Summit Tech is unveiling the first Voice over LTE/Rich Communication Services (RCS)-capable Connected Car in collaboration with Alcatel-Lucent cloud and ultra-broadband technology, at the GSMA’s Innovation City showcase at Mobile World Congress 2015. The two companies will be demonstrating the transformational power of the service provider’s all-IP communications network on the Connected Car of the future.
With operators increasingly rolling out commercial VoLTE services across their 4G LTE networks, a new chapter in IP communication innovation expands the delivery of ultra-broadband services and enhanced service experiences. Based on a highly reliable virtualized IMS (IP Multimedia Subsystem) platform that comes equipped with APIs for rapid service creation, VoLTE’s high definition voice and rich communications can now be easily extended to the Connected Car.
In contrast to cars with only built-in LTE for Internet access, Summit Tech and Alcatel-Lucent will demonstrate how VoLTE/RCS enable the Connected Car itself to become a secondary device to complement a user’s smartphone. The Connected Car has call hand-over — seamlessly transferring calls to the car without any user interaction. Even if their smartphone battery dies, a user can continue the call from their car which behaves as an independent secondary telephony device.
The system works with Heads-Up Display systems in cars, so that users can view their calls, messages or data while keeping their eyes on the road and manage them using gesture control. Leveraging the power of Alcatel-Lucent’s IMS solution currently in operator’s networks and capable of supporting mobile and WiFi, the Connected Car brings occupants a full complement of communication services including support for VoLTE, video communications, IP messaging/chat and social presence to open up countless use cases.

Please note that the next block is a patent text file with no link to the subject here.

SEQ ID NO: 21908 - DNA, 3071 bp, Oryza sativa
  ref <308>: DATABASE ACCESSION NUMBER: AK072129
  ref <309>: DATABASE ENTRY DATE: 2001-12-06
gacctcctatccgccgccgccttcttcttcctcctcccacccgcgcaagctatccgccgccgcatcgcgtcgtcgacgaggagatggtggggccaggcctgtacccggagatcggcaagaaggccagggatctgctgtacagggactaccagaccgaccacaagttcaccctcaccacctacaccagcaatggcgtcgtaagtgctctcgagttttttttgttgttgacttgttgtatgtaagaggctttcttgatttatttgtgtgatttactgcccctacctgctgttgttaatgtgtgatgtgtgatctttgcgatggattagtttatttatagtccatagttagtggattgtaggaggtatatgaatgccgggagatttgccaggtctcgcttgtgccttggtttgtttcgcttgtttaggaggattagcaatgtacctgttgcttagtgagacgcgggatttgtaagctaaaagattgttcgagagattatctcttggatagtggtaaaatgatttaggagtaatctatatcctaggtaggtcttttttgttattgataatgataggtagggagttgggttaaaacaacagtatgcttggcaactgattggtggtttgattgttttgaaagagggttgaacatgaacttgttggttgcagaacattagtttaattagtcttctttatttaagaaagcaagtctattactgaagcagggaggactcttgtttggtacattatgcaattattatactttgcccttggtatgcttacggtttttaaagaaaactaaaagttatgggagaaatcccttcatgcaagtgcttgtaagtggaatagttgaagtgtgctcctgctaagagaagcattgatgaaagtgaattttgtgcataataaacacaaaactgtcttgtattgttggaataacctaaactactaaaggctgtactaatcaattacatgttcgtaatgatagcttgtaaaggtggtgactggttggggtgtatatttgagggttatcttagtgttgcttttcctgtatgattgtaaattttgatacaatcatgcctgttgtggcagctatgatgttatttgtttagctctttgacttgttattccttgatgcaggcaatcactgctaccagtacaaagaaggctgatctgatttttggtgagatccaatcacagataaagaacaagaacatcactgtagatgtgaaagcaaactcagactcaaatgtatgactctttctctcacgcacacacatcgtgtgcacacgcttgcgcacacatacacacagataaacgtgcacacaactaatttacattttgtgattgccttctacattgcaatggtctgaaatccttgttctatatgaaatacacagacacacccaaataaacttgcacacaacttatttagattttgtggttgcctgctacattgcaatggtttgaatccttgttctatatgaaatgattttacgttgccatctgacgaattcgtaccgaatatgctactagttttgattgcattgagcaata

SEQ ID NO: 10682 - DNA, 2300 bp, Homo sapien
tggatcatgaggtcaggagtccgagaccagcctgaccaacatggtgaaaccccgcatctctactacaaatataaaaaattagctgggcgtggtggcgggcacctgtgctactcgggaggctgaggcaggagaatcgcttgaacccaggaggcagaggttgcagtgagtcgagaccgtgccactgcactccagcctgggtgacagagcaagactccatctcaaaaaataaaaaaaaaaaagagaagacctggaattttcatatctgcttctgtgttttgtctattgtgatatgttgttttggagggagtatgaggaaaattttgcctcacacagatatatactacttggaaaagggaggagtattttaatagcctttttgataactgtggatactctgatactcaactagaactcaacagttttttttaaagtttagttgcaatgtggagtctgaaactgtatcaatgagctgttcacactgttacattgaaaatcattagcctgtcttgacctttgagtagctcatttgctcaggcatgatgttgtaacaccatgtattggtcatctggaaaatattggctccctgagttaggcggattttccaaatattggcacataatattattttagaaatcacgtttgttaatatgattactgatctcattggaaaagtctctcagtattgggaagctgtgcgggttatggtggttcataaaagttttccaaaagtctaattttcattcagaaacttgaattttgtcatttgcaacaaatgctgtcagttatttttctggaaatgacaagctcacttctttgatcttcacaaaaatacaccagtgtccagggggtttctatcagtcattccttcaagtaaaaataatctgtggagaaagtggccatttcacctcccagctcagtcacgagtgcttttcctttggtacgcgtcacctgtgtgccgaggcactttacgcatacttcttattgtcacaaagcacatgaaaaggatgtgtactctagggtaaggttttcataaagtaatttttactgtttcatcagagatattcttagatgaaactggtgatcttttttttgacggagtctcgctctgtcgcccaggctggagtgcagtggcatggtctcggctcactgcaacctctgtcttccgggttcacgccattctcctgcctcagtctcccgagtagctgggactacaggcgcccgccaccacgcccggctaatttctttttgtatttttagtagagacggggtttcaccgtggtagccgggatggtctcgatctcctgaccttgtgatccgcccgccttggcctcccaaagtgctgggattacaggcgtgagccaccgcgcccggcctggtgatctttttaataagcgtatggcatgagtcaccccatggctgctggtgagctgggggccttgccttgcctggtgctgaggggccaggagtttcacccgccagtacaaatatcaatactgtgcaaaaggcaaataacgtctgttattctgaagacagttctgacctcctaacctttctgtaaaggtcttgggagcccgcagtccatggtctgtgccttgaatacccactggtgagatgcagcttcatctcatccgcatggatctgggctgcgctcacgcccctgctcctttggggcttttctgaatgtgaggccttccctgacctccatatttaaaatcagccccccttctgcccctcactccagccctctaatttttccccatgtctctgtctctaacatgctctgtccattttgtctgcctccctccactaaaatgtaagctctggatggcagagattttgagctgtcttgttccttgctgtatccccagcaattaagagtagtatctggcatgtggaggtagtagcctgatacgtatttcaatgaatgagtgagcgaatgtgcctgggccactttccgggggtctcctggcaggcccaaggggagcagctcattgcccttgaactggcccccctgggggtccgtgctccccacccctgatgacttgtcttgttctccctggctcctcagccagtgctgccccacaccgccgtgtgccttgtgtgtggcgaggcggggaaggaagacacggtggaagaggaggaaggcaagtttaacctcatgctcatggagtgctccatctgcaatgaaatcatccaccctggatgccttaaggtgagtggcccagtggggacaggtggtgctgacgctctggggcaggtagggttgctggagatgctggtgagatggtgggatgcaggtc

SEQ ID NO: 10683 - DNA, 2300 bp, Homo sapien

For instance, the Connected Car can automatically advise a caller that the call is not private if there are other passengers in the car. The caller is then offered the option of leaving a message rather than being heard by all on the speaker phone. Once the driver is available for a private conversation, the system can prompt the caller to call back.
Another real-life example of the power of VoLTE/RCS-based vehicles can be applied to drive-thru restaurants. The driver can be automatically linked to the drive-thru attendant with a standard Android or Windows phone using an HD audio call, instead of the crackly drive-thru speakers. After the order is placed, confirmation and an electronic invoice are displayed on the car’s in-dash display. The driver can then complete a mobile commerce transaction to pay for their meal.
“By leveraging APIs exposing the rich functionality of today’s IP communication networks, communications as a service can be embedded into the Connected Car experience to provide on the go consumers and business users with personalized ultra broadband experiences,” Fran Heeran, General Manager of the IP Communications business at Alcatel-Lucent. “The Connected Car becomes yet another means by which operators can offer innovative services beyond the smartphone and enter new vertical markets to leverage their investments in LTE networks and VoLTE services.”
“We don’t need any more fragmentation across voice, messaging and data systems,” commented Alido Di Giovanni, President of Summit Tech. “Closed systems are not helpful to the progression of Connected Cars. With this ecosystem, operators can finally be at the heart of Connected Cars, as they should be. They can be the ones that provide the disruption and the innovation in this market. And consumers can benefit from a system that works seamlessly across car manufacturers, operating systems and carrier networks.”
Latest posts by David Dungay (see all)
- Avaya considering $5 billion buy out - March 27, 2019
- Mitel Appoints Graham Bevington as EVP and Chief Sales Officer - April 10, 2015
- Exertis is the New Name for Micro-P - October 24, 2013